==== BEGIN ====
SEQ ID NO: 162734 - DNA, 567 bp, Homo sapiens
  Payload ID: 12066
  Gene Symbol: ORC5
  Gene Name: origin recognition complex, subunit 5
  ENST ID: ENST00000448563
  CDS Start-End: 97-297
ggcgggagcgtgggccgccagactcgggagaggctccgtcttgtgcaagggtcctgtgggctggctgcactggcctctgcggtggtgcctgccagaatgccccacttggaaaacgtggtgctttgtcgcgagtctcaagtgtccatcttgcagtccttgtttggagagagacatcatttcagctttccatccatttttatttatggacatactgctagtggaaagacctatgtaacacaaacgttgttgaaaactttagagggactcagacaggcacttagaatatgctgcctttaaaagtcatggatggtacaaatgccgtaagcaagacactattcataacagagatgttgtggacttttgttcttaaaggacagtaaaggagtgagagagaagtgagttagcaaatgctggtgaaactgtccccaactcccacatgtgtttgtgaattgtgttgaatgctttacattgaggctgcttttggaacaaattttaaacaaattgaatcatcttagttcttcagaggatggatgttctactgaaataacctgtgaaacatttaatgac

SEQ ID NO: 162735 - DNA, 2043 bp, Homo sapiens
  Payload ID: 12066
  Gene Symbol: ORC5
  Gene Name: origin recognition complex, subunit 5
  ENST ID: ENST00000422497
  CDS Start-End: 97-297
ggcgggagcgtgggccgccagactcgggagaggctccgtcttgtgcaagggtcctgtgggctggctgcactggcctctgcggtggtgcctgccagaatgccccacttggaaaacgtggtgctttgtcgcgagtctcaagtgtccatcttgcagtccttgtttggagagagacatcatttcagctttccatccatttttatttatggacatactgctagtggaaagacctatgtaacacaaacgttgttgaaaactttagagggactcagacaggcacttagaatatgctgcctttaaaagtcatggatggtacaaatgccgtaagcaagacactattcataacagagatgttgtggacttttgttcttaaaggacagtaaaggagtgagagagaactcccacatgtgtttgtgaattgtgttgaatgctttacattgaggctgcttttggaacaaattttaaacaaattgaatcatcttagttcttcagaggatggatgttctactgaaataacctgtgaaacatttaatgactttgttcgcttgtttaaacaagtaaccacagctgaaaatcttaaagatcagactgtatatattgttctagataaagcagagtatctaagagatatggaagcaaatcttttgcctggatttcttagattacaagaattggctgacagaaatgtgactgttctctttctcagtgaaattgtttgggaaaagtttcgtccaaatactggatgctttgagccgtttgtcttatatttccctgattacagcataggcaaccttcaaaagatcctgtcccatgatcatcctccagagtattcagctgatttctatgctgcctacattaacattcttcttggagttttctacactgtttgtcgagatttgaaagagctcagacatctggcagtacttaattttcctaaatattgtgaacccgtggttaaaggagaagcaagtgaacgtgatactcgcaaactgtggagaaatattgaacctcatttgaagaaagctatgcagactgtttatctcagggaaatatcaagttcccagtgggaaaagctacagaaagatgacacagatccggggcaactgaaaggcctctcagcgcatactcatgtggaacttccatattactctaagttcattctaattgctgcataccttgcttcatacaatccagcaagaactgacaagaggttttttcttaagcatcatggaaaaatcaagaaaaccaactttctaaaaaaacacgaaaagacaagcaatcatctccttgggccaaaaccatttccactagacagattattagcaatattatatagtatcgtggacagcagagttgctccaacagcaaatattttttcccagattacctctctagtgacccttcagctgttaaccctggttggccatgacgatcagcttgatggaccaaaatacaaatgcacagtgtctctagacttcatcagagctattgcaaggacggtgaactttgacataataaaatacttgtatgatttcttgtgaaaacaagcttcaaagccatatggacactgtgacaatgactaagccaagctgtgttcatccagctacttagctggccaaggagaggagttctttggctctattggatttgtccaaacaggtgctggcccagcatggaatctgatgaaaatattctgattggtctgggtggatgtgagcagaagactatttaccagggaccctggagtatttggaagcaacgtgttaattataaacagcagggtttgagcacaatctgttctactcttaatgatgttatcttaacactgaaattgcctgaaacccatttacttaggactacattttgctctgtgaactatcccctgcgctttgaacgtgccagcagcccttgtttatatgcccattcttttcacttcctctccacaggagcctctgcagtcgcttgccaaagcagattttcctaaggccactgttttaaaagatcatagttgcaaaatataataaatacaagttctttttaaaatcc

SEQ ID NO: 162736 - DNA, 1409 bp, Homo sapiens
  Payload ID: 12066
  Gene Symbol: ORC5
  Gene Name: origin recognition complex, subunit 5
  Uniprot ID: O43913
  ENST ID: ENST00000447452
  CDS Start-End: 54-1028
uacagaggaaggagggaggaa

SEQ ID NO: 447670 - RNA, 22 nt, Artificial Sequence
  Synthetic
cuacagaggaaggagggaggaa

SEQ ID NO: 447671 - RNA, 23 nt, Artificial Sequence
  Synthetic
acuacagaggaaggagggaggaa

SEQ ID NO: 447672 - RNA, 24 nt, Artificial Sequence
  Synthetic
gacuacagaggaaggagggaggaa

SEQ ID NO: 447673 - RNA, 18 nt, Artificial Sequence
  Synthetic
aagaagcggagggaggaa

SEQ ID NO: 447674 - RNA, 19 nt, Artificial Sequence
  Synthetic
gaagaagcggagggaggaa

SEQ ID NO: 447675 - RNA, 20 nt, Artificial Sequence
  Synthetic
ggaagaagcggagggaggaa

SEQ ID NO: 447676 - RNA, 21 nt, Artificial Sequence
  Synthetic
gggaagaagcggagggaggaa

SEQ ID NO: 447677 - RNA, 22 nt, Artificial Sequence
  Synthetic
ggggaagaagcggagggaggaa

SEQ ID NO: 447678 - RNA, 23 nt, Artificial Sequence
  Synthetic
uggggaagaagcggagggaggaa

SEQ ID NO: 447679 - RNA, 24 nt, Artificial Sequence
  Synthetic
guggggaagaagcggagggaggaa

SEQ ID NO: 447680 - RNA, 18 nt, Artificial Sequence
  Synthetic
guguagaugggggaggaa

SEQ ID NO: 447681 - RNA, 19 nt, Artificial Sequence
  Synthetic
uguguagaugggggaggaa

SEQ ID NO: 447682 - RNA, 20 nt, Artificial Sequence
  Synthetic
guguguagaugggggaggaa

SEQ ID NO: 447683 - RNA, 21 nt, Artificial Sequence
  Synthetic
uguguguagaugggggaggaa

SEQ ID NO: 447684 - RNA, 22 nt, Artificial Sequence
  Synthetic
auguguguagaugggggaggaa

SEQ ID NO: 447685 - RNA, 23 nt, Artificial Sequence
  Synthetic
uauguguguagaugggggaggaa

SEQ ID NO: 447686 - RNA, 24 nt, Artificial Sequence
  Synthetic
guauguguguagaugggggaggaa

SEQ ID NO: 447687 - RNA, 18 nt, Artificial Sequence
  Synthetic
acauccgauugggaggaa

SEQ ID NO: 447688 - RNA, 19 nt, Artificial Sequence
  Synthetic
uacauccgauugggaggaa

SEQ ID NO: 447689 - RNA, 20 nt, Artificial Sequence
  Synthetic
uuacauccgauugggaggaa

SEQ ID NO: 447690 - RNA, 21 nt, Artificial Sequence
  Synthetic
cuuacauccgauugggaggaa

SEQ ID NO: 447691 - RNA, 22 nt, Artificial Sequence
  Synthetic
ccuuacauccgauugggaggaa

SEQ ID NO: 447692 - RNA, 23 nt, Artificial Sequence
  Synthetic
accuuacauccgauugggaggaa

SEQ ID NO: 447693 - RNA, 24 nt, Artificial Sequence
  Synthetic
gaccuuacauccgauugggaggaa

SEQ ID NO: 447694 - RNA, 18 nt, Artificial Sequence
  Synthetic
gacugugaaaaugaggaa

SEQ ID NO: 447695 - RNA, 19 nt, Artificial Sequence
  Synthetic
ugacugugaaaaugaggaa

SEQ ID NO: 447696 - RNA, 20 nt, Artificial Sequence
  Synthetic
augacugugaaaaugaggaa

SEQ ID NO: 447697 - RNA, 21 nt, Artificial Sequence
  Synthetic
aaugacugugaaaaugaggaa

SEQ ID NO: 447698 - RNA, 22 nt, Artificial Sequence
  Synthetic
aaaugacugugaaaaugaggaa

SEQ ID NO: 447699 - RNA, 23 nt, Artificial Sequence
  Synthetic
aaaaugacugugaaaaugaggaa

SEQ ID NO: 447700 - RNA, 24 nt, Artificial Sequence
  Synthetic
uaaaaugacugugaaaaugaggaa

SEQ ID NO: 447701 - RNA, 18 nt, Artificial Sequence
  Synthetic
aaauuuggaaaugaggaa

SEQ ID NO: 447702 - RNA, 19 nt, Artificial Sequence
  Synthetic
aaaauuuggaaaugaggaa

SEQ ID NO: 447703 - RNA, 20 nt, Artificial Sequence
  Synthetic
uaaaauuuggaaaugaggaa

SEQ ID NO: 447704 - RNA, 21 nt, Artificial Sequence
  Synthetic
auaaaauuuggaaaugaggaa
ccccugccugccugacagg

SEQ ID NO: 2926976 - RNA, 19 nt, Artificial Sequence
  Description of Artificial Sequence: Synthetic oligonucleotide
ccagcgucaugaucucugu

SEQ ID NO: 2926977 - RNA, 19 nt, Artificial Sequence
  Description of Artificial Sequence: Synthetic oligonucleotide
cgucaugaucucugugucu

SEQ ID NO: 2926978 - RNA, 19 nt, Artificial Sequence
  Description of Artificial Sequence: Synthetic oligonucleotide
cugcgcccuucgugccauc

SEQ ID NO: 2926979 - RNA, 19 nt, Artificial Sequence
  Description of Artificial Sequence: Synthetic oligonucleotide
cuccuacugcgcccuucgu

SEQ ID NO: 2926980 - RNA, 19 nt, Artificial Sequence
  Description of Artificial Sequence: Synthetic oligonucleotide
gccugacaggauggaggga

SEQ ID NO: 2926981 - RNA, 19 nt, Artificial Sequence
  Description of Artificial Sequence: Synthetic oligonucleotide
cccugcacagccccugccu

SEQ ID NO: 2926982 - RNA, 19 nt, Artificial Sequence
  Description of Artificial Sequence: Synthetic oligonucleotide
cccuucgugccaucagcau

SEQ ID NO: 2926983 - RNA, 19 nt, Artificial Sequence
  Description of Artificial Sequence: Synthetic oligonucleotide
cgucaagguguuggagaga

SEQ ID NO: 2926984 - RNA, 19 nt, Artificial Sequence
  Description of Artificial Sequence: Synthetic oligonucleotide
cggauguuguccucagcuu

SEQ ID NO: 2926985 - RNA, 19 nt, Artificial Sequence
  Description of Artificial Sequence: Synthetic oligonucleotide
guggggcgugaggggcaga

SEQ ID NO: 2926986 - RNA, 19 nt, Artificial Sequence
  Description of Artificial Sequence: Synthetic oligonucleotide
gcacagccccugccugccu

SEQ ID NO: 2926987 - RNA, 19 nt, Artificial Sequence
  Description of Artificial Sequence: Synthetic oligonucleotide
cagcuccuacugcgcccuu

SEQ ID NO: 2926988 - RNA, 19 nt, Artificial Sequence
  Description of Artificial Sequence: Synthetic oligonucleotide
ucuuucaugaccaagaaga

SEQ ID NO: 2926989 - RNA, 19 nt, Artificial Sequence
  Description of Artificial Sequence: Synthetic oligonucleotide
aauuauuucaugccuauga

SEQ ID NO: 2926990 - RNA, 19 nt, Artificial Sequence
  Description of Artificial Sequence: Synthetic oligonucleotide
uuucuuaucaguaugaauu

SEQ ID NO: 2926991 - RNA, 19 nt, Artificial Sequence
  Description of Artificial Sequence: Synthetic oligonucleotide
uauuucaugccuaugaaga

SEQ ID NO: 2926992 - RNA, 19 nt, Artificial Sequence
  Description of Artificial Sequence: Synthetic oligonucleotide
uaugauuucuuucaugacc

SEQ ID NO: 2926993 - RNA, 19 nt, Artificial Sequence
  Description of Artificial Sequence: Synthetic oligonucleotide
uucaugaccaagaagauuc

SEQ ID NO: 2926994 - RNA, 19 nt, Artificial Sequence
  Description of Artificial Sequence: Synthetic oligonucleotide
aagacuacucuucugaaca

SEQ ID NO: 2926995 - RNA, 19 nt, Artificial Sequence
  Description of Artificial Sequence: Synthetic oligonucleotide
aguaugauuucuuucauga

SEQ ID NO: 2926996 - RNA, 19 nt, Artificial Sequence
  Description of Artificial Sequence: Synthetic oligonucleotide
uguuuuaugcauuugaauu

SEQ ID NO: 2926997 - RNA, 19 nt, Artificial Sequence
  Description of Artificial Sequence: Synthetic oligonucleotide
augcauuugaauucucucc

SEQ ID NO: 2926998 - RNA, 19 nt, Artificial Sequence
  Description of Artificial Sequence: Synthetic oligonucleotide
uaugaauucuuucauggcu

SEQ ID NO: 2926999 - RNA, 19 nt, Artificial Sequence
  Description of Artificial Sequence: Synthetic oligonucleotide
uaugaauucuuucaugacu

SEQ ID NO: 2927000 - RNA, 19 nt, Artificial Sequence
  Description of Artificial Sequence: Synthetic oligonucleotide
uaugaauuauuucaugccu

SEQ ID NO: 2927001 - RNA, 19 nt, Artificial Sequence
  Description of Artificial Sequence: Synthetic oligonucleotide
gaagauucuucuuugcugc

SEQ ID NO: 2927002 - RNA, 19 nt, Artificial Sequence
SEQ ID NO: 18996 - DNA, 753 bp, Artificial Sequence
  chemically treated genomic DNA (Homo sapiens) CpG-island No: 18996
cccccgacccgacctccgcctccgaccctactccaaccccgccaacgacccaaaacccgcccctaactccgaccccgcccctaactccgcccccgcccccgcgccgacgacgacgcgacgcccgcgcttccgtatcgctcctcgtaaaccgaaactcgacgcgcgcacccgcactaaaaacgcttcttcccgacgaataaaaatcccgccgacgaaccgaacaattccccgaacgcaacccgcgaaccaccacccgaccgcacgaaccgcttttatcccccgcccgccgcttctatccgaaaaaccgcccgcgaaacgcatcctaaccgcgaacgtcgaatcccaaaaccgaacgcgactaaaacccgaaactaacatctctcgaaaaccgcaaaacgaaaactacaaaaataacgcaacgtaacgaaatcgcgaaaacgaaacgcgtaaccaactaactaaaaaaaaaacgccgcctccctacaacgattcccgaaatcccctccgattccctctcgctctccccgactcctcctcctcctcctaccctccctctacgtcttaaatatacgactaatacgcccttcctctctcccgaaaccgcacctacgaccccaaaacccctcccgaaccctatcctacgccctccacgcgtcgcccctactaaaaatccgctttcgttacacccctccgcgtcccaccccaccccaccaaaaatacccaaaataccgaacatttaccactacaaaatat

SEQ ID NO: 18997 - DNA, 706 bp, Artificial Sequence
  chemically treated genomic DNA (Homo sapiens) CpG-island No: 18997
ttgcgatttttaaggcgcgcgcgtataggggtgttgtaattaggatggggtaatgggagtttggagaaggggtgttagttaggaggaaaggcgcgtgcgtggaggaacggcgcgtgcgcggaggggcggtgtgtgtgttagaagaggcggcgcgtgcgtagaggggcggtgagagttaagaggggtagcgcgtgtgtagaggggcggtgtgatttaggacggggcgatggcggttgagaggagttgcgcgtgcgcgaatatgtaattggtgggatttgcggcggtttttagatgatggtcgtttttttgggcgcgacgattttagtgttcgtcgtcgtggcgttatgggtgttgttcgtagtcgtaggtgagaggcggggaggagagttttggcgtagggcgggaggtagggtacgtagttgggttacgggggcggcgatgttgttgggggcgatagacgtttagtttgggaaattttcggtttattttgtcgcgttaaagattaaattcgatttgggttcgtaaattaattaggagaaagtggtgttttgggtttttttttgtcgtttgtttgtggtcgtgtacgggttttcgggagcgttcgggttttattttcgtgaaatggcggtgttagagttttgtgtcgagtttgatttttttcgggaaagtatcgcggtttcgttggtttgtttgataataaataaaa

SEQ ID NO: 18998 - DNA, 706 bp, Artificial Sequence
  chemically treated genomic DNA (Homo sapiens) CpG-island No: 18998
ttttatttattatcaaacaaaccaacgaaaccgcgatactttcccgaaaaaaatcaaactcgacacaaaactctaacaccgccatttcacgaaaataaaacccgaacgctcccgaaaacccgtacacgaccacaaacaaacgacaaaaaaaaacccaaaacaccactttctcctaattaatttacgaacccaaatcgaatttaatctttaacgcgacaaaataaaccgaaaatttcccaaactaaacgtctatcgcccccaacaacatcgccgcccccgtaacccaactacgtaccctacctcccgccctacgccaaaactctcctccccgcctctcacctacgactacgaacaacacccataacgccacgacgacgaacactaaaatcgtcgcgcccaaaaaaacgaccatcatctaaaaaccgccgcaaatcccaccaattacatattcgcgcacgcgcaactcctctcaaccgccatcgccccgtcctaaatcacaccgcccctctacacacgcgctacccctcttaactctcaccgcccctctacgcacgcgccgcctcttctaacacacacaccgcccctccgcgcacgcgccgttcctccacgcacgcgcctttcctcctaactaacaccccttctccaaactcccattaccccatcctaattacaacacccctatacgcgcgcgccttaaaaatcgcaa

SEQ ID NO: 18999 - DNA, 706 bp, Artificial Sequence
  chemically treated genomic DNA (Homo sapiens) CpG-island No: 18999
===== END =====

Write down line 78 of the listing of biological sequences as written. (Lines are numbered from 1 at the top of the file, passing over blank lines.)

  Synthetic